In the early 1970s, Steven Shenkman would walk from PS 253 in Brooklyn to a synagogue down the block. “It was only an hour a week,” he recalls, “but it made me realize how important it is to be a Jew.” Those lessons stuck with him and he eventually attended bar mitzvah training before his thirteenth birthday. But why didn’t he switch to a Jewish school? “Was it finances? Was no one motivated? I don’t know, but it wasn’t ever a discussion.”

Decades later, Steven’s twin children were proud Release Time attendees. Same hour, similar curriculum, but the experience was very different. “Unlike my parents, I brought my kids to the Jewish Hour and befriended the teachers. They would come to our house for the holidays. They lit the candles with us on Chanukah, told us stories, brought us matzah for Passover. And always, they were encouraging us to take it to the next level.”

After four years of friendship and gentle prodding, Steven enrolled his three children in a Jewish school. “There’s only so much you can learn in an hour,” the proud dad explains, “and I was worried they would forget what they had covered. Now they are happy and growing in yeshivah. It started with me and continued with my children. We have no regrets.”

“In recent years, the program has been greatly improved and enriched,” shares Rabbi Faivel Rimler. As a yeshivah student, Rabbi Rimler and his friends would gather kids for weekly study sessions. In 1957, the Lubavitcher Rebbe, Rabbi Menachem M. Schneerson, tapped him to lead the organization. And four decades later, Rabbi Rimler is still leading it. “Contemporary instructors,” he says, “have a tremendous amount of savvy and they relate well to today’s youth. In the early years, most of our contact was with the students during that one hour. Now that we emphasize follow-up and a closer connection with the whole family, there has been tremendous success.”

In its eight decades, Released Time’s Jewish Hour has inspired 5,000 students to switch to Jewish schools. This past year, sixty Released Time kids have spent their first year in yeshivah studying Jewish lore and law alongside math and science.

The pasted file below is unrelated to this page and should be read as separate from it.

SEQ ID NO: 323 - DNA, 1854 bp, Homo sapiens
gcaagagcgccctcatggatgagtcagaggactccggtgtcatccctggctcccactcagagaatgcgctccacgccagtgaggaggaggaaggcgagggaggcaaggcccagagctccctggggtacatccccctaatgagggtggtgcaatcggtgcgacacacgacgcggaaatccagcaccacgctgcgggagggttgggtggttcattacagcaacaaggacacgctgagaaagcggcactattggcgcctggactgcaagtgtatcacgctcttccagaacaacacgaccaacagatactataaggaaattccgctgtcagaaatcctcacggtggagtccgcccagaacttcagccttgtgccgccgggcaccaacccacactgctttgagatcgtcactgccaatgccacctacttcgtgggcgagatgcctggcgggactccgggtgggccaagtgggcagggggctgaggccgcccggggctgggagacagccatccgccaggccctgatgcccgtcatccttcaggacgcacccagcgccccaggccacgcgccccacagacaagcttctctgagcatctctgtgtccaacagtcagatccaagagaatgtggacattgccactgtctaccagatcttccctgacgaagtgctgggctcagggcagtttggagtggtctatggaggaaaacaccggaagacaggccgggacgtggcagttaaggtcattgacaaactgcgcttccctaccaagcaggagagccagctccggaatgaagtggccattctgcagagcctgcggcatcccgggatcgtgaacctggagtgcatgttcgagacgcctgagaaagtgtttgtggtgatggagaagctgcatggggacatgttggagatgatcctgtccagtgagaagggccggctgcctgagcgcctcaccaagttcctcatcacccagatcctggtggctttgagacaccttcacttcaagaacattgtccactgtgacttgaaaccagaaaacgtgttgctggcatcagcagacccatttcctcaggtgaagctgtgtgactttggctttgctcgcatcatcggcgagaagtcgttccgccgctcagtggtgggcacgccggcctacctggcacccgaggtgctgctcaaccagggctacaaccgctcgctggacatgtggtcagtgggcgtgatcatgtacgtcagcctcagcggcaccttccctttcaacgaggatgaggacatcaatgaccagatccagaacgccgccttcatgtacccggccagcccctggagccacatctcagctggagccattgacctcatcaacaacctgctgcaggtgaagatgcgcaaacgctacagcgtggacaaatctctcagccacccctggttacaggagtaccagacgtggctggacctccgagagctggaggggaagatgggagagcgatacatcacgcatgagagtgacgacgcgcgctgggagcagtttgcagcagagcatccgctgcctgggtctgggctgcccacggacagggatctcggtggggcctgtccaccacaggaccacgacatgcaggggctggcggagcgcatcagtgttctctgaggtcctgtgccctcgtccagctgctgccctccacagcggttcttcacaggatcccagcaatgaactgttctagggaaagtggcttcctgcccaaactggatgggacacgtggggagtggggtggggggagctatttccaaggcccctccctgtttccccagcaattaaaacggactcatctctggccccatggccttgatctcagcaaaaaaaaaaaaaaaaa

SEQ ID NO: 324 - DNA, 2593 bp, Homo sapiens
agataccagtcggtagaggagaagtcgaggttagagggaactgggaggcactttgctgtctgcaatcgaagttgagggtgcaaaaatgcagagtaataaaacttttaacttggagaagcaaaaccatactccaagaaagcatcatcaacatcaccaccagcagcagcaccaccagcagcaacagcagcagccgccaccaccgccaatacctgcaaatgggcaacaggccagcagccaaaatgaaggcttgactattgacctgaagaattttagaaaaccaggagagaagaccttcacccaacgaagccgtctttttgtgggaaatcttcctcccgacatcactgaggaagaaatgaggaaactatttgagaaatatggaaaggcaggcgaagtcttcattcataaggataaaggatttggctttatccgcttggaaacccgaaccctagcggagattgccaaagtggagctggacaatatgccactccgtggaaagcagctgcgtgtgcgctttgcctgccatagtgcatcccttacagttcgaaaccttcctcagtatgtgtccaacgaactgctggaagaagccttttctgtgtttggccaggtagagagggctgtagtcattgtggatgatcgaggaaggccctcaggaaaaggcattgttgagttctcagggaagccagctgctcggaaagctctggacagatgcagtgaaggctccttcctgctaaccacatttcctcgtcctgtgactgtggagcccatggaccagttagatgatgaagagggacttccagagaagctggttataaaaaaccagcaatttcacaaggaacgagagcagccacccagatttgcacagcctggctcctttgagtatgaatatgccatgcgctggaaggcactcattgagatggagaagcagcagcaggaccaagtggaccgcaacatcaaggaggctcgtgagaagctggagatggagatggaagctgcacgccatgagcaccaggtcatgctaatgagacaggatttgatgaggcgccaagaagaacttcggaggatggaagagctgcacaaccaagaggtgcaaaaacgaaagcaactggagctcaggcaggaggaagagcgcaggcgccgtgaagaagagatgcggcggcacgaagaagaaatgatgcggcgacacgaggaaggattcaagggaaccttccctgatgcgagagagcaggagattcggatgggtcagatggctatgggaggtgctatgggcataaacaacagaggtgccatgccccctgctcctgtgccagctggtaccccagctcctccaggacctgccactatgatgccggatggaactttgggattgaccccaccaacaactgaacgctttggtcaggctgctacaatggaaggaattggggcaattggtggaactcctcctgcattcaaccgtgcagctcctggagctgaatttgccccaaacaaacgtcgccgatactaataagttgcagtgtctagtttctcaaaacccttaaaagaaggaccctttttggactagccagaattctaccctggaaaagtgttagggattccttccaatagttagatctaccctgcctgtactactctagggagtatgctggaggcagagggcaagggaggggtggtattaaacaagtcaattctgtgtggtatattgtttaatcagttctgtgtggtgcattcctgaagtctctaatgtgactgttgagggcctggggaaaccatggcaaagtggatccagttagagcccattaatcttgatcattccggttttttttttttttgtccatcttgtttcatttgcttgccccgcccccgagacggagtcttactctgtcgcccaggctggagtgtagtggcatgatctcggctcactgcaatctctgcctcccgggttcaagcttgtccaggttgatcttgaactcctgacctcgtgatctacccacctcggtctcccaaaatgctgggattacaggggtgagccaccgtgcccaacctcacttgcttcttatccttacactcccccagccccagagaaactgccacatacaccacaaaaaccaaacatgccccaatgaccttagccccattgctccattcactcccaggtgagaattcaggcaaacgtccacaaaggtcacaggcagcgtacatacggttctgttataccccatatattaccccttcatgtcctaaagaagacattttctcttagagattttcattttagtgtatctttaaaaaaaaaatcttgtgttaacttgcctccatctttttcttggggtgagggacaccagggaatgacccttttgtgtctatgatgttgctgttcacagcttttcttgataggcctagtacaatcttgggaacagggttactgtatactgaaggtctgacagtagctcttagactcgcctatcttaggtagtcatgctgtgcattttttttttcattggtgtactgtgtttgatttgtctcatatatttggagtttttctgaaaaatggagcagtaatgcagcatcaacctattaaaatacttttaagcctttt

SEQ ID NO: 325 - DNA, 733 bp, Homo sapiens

For every child who makes the switch, there are dozens more whose primary Jewish education is the Wednesday hour. And instructors make sure it is a meaningful one.

Rabbi Yehoshua Shneur spent three years teaching kids from several Staten Island public schools. Age-appropriate prayers are followed by stories, crafts, and snacks. Before Passover, Shneur brought the children to eat outside the synagogue so that it would remain clean for the holiday. On Sukkot, the children munched on snacks inside a sukkah. Teachers visited each family during Chanukah to light the menorah together and share holiday treats. “More than book learning, it is these small experiences they have when they are young that stay with them,” Yehoshua believes. “Further down the road, they will remember those details, remember they’re Jewish.”

One of those kids with good memories is Steven Kogan, now an IT professional in Brooklyn.

“Released Time was my only sanity as a kid,” he says. “They brought us in to give us kosher snacks and food for thought. It was so different from school where the feeling was, ‘sit down and shut up.’ They taught me how to think.”

Today, Steven is married to a “nice Jewish girl” and is involved in his local community. “Am I very religious? Absolutely not. But I remember the stories, I connect back to what we learned, I teach others. I got an education there I couldn’t have gotten anywhere else.”

Steven is typical of many Released Time kids who come for the short sessions that are then imprinted on them for the long haul. “We try to reach each soul by igniting a spark,” says current director, Rabbi Zalman Zirkind. “Whether we want to believe it or not, reciting a blessing, hearing a story, singing a Jewish song is how the spark is ignited. And if a child wants more, we encourage him or her to take the next step.”

A P.S. group on a trip to Chabad Headquarters in Brooklyn